• The test had manually entered scores for all students, and some of the scores had typos, which needed to be corrected.
  • Some of the scores did not come through from the source system when the test was originally taken.

After some analysis, experimentation, and consultation with stakeholders, we introduced a delay of one week so that the academic performance index would not be recalculated until after the scoring had settled down. A similar issue occurred on a much smaller scale with attendance. In this case, the adjustment was to add a late-day refresh to the attendance dashboard to allow the operations team to accurately update attendance status as needed.

When you are thinking about data design, a good question to ask is “Can this data be changed by anyone?” And as a follow-on “If this data is changed, what will the impact be on the results?” No matter what the organizational policies are, if data can be changed, it most likely will be at some point. Understanding the possibilities and possible side-effects can allow you to create a design that will mitigate the impact.

Are we all thinking the same thing?

The enrollment and attrition dashboard was ready after undergoing extensive review. The morning it was released, it became apparent that something was wrong. The year-to-date attrition numbers for the elementary schools did not match what the school principals expected to see based on their own calculations.

YTD attribution image

It all hinged on everyone’s definition of “the first day of school.” Year-to-date attrition was based on the number of students enrolled on the first day versus the current date. The dashboard was using the official school first day from the beginning of the school year. The elementary schools were using an official first day set by the district’s city and chosen to avoid the high level of enrollment churn that can take place at the beginning of the school year. Once the dashboard was adjusted to use different first days for different school levels, everyone was happy.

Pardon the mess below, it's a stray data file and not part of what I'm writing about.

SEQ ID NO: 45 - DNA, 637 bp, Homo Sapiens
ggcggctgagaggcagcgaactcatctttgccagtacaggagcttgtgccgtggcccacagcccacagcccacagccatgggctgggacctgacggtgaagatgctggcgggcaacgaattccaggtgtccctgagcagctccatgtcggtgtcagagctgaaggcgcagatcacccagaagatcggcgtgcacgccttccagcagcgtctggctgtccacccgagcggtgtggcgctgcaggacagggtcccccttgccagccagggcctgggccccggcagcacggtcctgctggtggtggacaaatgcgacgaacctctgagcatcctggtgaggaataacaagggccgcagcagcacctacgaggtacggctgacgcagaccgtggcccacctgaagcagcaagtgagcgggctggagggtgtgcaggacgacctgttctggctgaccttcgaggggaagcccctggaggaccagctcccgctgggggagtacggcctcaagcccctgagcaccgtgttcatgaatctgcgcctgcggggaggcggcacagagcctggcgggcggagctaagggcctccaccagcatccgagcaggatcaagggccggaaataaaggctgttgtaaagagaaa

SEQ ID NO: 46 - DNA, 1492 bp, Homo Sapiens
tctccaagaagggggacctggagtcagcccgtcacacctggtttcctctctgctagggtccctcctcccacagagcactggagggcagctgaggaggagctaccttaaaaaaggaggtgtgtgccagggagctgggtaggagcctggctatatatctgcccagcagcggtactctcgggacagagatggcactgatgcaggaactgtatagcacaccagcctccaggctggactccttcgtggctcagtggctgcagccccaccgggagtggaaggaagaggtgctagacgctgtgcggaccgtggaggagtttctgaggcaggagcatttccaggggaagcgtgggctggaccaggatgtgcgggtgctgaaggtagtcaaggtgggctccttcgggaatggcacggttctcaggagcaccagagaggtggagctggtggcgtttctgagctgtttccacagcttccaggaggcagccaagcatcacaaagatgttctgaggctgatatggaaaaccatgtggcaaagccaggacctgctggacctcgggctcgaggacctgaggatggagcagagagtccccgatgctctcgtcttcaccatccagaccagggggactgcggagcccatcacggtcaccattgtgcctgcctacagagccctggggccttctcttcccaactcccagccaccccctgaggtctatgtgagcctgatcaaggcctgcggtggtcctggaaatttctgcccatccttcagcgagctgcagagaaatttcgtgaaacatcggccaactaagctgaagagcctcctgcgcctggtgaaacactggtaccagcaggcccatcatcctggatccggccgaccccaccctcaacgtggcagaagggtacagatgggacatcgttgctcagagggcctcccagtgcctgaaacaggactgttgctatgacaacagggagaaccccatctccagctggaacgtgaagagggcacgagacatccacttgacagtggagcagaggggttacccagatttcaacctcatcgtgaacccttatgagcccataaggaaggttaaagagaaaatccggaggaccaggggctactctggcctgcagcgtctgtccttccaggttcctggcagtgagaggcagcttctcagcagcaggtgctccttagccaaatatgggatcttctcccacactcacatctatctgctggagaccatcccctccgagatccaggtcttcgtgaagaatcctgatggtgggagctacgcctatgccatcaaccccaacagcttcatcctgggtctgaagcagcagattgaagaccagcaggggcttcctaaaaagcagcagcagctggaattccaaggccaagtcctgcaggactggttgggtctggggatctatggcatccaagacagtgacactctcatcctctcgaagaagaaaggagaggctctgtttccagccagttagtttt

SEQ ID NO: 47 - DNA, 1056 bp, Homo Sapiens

A data design project should include subject matter experts (SMEs) who understand the use cases for each of the data points being presented. If the data is derived from different groups or departments across an organization, it’s important to have SME representation from each one, even if it seems like everyone’s expectations will be the same. It’s also important to explicitly define the key data points and vet the definitions with all of the SMEs and stakeholders to ensure that any critical differences are identified and accounted for in the project design.

In summary…

Being mindful of the ways that data sources and systems outside of your control can impact your warehouse can help you plan for and even prevent data discrepancies and outages. Making sure that all the right people are involved in the data design process, and that everyone is thinking about use cases at points in time throughout the cycle of a year will help you develop more successful solutions.

Unicon has a wide range of experience with data analytics through projects such as this one. We can help you anticipate trouble areas and think through data design issues to make your data journey a lot easier!

Betsy Burr

Betsy Burr

Senior Project Manager
Betsy Burr is a Senior Project Manager for Unicon, Inc., a technology consulting firm focused solely on the education ecosystem. Betsy has more than 25 years of experience as both project manager and product manager in the higher education marketplace. In her four years at Unicon, Betsy has worked on projects ranging from data analytics to application development to identity and access management as both a project manager and business analyst, and holds a Scrum Master certification from the Scrum Alliance.